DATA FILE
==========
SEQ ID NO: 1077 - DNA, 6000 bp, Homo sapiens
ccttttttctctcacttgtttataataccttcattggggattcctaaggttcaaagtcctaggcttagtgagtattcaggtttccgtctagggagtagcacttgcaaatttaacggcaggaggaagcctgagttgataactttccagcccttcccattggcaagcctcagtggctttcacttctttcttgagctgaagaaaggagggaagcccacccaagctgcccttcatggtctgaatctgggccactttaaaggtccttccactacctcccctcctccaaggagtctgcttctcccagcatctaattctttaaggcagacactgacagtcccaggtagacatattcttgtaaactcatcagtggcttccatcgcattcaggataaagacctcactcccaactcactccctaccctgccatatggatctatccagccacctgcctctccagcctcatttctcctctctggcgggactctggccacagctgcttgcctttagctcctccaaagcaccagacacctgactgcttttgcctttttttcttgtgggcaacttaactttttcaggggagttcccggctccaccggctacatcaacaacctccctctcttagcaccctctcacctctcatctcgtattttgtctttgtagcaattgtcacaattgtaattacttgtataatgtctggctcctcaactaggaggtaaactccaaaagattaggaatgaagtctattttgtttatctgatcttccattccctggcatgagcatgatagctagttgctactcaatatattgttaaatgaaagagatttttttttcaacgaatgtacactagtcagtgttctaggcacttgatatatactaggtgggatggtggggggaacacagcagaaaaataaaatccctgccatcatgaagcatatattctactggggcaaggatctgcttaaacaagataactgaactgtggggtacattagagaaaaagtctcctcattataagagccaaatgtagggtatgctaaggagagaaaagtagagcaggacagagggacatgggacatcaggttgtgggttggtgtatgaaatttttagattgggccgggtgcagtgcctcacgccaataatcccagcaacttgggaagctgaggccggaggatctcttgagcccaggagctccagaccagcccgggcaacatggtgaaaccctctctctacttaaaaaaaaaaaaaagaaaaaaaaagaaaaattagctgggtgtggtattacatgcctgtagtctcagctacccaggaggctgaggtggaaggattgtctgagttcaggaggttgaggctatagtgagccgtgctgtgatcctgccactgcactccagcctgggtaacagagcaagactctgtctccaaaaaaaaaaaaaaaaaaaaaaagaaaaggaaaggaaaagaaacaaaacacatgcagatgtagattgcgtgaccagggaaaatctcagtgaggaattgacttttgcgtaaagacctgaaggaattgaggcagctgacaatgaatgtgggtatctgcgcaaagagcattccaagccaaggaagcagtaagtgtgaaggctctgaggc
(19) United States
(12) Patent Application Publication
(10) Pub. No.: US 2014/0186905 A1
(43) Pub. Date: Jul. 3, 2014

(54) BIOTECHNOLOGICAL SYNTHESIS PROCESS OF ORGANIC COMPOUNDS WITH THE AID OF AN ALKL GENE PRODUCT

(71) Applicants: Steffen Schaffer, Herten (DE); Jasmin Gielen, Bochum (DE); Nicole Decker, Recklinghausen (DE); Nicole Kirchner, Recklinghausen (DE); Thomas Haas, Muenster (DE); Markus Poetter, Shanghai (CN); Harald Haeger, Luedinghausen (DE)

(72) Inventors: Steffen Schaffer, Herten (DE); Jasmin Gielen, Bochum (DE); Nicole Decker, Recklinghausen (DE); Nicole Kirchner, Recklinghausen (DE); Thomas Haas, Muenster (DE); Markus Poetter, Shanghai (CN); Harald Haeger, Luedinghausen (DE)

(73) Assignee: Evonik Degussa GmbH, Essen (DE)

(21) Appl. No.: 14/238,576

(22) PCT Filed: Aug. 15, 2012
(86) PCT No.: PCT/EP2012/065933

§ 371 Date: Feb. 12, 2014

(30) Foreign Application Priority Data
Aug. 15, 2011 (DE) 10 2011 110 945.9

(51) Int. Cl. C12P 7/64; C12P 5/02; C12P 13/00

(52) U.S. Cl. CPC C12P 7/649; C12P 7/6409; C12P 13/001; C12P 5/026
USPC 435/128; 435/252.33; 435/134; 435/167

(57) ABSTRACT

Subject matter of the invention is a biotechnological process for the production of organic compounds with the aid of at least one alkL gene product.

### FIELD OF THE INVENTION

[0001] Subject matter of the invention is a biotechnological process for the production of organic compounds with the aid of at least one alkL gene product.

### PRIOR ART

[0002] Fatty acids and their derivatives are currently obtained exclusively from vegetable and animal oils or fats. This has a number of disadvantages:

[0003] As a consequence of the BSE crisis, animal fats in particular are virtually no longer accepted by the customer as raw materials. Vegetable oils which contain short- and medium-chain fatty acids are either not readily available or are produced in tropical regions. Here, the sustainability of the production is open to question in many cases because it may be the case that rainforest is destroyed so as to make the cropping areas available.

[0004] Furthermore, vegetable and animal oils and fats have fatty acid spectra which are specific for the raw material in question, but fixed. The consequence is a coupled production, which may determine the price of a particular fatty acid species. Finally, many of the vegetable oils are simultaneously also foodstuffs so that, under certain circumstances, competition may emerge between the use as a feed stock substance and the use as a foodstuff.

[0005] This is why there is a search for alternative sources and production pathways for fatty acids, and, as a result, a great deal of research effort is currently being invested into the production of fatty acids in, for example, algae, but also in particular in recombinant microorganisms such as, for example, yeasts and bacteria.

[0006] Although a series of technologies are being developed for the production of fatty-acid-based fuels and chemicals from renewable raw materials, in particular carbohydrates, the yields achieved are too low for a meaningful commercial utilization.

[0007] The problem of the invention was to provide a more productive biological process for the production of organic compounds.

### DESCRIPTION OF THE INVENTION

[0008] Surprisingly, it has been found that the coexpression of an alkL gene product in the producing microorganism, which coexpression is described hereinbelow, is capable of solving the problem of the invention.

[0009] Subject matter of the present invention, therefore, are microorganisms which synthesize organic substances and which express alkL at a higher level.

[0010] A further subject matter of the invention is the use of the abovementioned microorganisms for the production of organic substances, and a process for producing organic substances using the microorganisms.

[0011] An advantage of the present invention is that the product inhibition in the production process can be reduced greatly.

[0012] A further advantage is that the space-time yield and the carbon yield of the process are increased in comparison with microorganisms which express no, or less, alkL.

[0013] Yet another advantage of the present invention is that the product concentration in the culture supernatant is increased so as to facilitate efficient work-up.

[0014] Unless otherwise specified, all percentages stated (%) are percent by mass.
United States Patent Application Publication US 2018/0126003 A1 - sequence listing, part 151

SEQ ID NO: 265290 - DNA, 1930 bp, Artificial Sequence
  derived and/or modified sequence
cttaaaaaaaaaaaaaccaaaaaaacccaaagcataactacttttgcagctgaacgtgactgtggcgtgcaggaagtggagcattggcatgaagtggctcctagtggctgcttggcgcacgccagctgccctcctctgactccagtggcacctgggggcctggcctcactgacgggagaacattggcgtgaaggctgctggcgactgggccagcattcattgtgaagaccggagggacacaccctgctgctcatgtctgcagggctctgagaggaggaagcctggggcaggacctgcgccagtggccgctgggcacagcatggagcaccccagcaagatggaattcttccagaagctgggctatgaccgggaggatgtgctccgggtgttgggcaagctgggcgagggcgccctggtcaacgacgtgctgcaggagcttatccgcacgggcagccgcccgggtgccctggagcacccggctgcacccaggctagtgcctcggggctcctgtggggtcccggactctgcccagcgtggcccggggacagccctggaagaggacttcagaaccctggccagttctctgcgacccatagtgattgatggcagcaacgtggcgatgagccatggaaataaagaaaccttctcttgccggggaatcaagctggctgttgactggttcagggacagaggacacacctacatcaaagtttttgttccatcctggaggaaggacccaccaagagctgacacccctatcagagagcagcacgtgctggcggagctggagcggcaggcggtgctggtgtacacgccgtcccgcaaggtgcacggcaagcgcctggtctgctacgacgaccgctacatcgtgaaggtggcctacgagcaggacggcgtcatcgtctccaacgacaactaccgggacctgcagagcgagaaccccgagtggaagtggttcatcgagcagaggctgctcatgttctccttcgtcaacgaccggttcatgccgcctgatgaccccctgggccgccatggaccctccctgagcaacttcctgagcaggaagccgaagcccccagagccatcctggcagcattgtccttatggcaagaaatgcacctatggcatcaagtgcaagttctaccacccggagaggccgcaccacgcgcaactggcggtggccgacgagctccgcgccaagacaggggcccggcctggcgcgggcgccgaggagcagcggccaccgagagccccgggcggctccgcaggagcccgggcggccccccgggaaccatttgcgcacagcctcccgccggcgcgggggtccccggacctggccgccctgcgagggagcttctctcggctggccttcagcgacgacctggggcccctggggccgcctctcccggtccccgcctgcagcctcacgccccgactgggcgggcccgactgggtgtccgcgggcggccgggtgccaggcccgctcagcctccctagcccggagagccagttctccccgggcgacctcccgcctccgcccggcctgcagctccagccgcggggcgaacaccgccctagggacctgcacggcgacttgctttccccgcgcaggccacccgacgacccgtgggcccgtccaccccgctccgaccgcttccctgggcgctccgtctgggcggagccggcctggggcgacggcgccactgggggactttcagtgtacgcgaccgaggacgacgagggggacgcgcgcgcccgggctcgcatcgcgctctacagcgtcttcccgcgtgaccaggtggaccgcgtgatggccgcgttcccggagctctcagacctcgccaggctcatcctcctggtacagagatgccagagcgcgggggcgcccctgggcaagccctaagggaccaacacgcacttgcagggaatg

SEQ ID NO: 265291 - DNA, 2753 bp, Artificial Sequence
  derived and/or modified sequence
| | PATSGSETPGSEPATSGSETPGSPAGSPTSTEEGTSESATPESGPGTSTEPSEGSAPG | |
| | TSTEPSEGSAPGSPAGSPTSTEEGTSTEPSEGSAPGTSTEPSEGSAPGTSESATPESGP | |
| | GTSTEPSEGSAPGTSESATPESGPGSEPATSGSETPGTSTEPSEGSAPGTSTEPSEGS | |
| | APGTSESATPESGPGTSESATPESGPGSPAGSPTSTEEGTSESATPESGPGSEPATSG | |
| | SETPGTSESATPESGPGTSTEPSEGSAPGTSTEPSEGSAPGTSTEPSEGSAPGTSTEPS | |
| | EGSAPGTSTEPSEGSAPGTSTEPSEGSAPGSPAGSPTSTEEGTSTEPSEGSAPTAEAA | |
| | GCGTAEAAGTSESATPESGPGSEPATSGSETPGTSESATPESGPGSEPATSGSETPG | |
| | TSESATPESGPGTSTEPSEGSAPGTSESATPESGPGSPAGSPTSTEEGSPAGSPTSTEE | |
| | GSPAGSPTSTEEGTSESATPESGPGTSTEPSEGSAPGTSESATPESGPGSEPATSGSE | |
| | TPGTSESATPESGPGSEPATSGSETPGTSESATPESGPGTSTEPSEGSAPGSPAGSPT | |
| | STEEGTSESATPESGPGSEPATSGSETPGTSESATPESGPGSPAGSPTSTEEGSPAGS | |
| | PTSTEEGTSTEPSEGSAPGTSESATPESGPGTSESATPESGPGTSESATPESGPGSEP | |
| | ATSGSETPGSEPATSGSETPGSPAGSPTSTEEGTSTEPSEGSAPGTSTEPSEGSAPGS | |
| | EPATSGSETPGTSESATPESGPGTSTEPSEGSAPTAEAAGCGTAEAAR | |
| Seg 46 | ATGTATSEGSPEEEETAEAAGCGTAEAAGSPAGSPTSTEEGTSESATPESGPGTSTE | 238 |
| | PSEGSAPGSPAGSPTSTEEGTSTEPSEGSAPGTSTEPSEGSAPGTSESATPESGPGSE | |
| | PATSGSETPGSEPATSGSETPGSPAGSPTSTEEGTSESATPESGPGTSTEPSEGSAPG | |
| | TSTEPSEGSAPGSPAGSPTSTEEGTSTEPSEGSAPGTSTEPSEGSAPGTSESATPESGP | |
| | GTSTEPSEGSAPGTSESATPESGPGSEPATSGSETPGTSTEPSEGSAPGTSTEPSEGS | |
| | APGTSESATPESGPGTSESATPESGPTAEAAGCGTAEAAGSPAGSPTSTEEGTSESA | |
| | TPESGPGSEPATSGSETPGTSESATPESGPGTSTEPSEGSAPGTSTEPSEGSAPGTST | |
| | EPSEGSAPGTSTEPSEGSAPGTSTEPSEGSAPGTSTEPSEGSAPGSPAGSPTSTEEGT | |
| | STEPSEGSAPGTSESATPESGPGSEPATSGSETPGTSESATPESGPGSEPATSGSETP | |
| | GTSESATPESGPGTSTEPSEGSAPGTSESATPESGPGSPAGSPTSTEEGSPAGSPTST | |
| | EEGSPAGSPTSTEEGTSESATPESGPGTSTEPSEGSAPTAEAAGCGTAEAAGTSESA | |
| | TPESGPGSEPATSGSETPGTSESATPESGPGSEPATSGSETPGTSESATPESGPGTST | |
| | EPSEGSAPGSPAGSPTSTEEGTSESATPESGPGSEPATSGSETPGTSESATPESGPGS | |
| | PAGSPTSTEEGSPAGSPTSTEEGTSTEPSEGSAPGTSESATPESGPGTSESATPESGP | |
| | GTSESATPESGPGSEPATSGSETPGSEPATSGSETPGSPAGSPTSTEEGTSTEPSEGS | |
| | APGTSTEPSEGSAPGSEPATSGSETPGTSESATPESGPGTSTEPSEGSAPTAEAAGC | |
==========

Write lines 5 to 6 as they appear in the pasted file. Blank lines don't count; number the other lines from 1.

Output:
(10) Pub. No.: US 2014/0186905 A1
(43) Pub. Date: Jul. 3, 2014